Finally, There are many evidenced-based and best practices for behavioral mental health. It appears that Social Workers explore and implement different approaches to discover what works best for each client and each circumstance. Clinical practice is not a "one size fits all". Each person is unique, each situation is unique, and the same approach will not have the same outcome for every individual. Learning about all the different practices is helpful in knowing that if one approach does not work, there are other options. Research is constantly being conducted with new practices being developed and implemented. Learning the basic models assists new social workers in building a solid foundation for their clinical work to build upon.

Glossary[edit | edit source]

  1. Institutionalized: place or keep (someone) in a residential institution.
  2. Reform: make changes in (something, typically a social, political, or economic institution or practice) in order to improve it.
  3. Social determinants: Conditions in the places where people live, learn, work, and play affect a wide range of health risks and outcomes
  4. Native reservations: Area of land that is owned and managed by a Native American tribe
  5. Cultural competency: the level of knowledge-based skills required to provide effective clinical care to patients from a particular ethnic or racial group.
  6. Interpersonal therapy: A form of psychotherapy in which the focus is on a patient's relationships with peers and family members and the way they see themselves. Interpersonal psychotherapy (IPT) is based on exploring issues in relationships with other people.[1]
  7. Systematic desensitization: a treatment for phobias in which the patient is exposed to progressively more anxiety-provoking stimuli and taught relaxation techniques.[1]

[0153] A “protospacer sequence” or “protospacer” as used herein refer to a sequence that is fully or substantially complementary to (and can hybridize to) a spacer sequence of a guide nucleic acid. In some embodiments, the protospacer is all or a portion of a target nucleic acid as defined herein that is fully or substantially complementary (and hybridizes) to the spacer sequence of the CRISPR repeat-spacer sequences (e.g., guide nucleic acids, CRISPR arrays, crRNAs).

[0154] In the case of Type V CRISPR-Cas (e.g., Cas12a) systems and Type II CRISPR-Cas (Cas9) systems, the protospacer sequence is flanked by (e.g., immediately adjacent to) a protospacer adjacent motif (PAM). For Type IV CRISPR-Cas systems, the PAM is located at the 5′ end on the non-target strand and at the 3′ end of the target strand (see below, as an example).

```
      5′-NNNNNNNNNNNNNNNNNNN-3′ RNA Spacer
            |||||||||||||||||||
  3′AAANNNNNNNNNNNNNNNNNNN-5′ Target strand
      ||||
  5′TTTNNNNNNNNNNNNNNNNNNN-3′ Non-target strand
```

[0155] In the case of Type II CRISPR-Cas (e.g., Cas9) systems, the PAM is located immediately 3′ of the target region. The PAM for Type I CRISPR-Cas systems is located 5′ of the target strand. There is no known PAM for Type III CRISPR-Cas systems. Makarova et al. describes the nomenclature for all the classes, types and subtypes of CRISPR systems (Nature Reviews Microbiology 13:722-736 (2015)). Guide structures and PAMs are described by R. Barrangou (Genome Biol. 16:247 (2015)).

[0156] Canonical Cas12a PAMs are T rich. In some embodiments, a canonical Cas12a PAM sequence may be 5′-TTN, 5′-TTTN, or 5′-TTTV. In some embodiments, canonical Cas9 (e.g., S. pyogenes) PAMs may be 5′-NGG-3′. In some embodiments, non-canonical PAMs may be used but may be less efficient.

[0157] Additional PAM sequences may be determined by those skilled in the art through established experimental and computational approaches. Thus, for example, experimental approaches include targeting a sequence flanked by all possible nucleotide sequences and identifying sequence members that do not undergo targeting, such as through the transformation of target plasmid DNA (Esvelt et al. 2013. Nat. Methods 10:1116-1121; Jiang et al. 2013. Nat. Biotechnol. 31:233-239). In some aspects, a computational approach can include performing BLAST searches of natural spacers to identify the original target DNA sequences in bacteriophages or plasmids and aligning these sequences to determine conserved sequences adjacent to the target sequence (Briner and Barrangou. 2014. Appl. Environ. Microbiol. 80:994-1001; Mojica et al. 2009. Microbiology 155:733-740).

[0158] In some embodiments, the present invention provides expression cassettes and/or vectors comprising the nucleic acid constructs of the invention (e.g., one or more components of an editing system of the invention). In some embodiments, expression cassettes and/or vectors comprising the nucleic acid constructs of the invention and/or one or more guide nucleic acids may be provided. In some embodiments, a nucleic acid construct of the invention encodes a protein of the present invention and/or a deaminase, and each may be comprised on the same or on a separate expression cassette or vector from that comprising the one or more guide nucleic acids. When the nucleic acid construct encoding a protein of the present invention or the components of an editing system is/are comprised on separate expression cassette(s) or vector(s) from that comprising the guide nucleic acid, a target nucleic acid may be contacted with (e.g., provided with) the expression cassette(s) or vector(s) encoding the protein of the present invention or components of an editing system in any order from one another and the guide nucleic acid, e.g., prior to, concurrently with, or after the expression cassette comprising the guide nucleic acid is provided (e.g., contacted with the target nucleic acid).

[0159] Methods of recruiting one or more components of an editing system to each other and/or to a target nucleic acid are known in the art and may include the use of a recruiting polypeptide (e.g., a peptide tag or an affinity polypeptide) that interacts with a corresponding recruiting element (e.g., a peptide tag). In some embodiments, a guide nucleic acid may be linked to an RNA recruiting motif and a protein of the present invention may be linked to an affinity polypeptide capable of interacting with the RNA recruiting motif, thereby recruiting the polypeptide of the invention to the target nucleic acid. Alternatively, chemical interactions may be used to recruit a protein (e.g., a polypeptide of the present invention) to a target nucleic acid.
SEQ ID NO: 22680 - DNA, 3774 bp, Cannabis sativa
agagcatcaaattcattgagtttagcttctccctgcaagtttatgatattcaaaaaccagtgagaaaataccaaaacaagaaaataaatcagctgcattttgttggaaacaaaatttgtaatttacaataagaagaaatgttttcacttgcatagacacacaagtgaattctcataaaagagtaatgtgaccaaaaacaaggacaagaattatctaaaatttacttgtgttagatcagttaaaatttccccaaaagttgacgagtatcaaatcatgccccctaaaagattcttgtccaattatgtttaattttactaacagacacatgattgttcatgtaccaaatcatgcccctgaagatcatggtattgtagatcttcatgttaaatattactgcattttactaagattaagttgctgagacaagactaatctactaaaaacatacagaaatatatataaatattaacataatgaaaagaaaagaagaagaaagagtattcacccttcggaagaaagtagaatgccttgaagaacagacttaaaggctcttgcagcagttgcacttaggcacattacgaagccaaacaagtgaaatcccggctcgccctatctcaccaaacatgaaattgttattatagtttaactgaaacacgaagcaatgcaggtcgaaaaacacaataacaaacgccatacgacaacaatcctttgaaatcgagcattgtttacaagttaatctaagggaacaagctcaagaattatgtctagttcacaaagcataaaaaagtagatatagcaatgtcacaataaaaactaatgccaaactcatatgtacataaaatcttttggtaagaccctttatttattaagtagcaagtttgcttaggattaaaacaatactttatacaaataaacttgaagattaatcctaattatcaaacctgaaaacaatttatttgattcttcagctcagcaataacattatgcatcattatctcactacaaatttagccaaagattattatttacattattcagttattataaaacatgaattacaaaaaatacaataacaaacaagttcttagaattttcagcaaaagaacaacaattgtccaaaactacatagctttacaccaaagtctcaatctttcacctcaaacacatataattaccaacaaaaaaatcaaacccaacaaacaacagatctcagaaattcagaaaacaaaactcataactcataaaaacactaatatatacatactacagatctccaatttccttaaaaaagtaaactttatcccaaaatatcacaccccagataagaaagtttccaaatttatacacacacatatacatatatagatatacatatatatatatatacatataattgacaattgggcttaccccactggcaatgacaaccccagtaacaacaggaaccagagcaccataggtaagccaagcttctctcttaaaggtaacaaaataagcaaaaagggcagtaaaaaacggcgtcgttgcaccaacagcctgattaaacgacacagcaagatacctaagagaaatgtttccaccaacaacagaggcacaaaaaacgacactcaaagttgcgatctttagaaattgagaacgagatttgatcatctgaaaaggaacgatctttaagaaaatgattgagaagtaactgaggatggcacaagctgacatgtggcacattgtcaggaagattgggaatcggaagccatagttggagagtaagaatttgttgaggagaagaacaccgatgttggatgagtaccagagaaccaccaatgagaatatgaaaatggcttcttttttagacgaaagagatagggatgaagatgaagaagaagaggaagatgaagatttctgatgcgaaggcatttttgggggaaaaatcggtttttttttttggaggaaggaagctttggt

8. Response Prevention: A means to prevent reinforcement (and, thus, continuation) of anxiety reduction through repeated, ritualistic behavior. Determent for carrying out compulsion.[1]
  9. Stress Inoculation: A form of cognitive-behavioral therapy that helps clients develop skills in coping with stress.[1]
  10. Cognitive rehabilitation: Aims to remedy deficits in information-processing skills such as vigilance, memory, recall, and conceptual abilities[1]




  1. 1.00 1.01 1.02 1.03 1.04 1.05 1.06 1.07 1.08 1.09 1.10 1.11 1.12 1.13 1.14 1.15 1.16 1.17 Sands, Roberta G. (2012). Clinical social work practice in behavioral mental health : toward evidence-based practice. Gellis, Zvi D. (3rd ed ed.). Boston: Pearson Allyn & Bacon. ISBN 9780205820160. OCLC 682896753.CS1 maint: extra text (link)
  2. "'Epidemic Ignored': Oklahoma treats its mental health system without care". NewsOK.com. Retrieved 2019-07-25.
  3. "Social Determinants of Health | Healthy People 2020". www.healthypeople.gov. Retrieved 2019-07-25.
  4. 4.0 4.1 4.2 4.3 4.4 4.5 Glasgow, N., Morton, L. W., & Johnson, N. E. (2004). Critical issues in rural health. Ames, IA: Blackwell Pub.
  5. 5.0 5.1 5.2 Daley, Michael R. Rural social work in the 21st century. New York, NY. ISBN 9780190615567. OCLC 990059365.
  6. Monahan, Deborah J. (2013-1). "Family Caregivers for Seniors in Rural Areas". Journal of Family Social Work 16 (1): 116–128. doi:10.1080/10522158.2012.747461. ISSN 1052-2158. http://www.tandfonline.com/doi/abs/10.1080/10522158.2012.747461. 
  7. "The NSDUH Report: Need for and Receipt of Substance Use Treatment among American Indians or Alaska Natives". www.samhsa.gov. Retrieved 2019-07-26.
  8. 8.0 8.1 Leavitt, Rachel A.; Ertl, Allison; Sheats, Kameron; Petrosky, Emiko; Ivey-Stephenson, Asha; Fowler, Katherine A. (2018-03-02). "Suicides Among American Indian/Alaska Natives — National Violent Death Reporting System, 18 States, 2003–2014". MMWR. Morbidity and Mortality Weekly Report 67 (8): 237–242. doi:10.15585/mmwr.mm6708a1. ISSN 0149-2195. http://dx.doi.org/10.15585/mmwr.mm6708a1. 
  9. Sands, Roberta G. (2012). Clinical social work practice in behavioral mental health : toward evidence-based practice. Gellis, Zvi D. (3rd ed ed.). Boston: Pearson Allyn & Bacon. ISBN 9780205820160. OCLC 682896753.CS1 maint: extra text (link)